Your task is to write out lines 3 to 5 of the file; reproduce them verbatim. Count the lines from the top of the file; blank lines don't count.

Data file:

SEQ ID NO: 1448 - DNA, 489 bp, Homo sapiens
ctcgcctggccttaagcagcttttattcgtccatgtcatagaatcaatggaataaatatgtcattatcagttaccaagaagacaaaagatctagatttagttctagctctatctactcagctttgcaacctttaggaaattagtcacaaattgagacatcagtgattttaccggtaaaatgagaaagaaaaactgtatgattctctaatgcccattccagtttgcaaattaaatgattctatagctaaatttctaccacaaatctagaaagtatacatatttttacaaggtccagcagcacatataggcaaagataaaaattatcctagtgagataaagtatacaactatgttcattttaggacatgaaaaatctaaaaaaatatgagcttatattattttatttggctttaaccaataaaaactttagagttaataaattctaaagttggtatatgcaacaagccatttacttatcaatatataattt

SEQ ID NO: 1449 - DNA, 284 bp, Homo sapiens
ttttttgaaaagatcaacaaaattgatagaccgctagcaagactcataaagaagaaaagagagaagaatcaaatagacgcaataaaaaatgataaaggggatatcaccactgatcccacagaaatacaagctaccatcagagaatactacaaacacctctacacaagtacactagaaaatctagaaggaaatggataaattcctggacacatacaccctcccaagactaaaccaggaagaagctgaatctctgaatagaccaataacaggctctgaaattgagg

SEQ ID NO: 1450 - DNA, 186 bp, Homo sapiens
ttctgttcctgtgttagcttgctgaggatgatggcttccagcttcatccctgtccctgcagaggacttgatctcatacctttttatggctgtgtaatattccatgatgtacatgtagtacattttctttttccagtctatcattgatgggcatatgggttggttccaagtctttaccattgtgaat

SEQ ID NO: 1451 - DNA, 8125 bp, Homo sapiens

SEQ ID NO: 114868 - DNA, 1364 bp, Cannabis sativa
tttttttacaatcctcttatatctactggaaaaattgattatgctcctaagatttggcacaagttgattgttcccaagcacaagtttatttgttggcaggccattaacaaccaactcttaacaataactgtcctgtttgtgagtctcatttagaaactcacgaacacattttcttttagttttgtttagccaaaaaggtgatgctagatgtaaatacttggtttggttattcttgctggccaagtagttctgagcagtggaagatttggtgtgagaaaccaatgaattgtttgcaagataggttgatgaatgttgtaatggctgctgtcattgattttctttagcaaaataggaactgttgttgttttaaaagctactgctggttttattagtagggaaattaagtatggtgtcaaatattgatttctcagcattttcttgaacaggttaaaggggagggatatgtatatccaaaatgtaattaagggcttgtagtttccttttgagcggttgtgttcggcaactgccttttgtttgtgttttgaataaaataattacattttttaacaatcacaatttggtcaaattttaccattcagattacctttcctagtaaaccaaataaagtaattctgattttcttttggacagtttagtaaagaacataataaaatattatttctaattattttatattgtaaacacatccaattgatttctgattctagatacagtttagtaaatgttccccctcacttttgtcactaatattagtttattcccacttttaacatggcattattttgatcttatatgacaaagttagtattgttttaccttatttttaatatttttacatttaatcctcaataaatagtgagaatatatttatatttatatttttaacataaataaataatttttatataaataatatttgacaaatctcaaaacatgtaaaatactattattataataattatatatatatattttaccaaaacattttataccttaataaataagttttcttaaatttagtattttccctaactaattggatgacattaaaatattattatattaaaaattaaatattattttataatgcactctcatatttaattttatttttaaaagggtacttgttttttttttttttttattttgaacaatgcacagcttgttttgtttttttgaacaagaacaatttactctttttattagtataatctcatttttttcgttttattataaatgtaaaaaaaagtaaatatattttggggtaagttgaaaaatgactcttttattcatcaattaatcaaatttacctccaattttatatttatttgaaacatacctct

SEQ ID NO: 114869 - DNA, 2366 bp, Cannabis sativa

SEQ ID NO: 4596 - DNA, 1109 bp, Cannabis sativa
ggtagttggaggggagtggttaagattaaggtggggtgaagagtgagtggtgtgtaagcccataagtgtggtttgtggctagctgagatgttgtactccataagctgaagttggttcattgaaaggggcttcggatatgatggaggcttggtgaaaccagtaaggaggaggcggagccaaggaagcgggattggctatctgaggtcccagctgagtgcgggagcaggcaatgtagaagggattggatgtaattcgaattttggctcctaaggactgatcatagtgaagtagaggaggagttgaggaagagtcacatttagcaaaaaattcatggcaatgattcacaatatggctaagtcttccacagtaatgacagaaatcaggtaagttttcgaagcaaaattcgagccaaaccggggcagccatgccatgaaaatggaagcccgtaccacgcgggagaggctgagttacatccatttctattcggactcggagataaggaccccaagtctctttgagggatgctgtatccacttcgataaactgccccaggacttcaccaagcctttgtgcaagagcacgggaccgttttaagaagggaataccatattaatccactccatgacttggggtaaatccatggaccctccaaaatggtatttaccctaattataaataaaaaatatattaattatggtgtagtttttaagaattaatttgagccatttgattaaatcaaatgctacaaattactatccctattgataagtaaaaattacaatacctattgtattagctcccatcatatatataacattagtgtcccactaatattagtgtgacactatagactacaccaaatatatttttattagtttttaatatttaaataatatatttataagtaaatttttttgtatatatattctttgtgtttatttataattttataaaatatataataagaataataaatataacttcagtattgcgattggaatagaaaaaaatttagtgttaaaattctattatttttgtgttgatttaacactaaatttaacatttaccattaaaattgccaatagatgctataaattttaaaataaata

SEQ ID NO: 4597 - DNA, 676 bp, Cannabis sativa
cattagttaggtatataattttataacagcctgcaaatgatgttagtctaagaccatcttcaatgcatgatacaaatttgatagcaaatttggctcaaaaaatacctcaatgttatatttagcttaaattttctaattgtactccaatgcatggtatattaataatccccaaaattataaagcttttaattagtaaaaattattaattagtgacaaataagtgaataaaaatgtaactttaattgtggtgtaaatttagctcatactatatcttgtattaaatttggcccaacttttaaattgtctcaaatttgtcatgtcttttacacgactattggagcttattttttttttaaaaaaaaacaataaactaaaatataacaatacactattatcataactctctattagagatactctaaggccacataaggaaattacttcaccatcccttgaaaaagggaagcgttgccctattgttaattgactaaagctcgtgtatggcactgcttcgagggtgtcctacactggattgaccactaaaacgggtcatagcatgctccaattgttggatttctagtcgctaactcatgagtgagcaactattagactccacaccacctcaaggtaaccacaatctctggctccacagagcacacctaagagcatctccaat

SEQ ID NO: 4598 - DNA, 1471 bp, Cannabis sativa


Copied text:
SEQ ID NO: 1449 - DNA, 284 bp, Homo sapiens
ttttttgaaaagatcaacaaaattgatagaccgctagcaagactcataaagaagaaaagagagaagaatcaaatagacgcaataaaaaatgataaaggggatatcaccactgatcccacagaaatacaagctaccatcagagaatactacaaacacctctacacaagtacactagaaaatctagaaggaaatggataaattcctggacacatacaccctcccaagactaaaccaggaagaagctgaatctctgaatagaccaataacaggctctgaaattgagg

SEQ ID NO: 1450 - DNA, 186 bp, Homo sapiens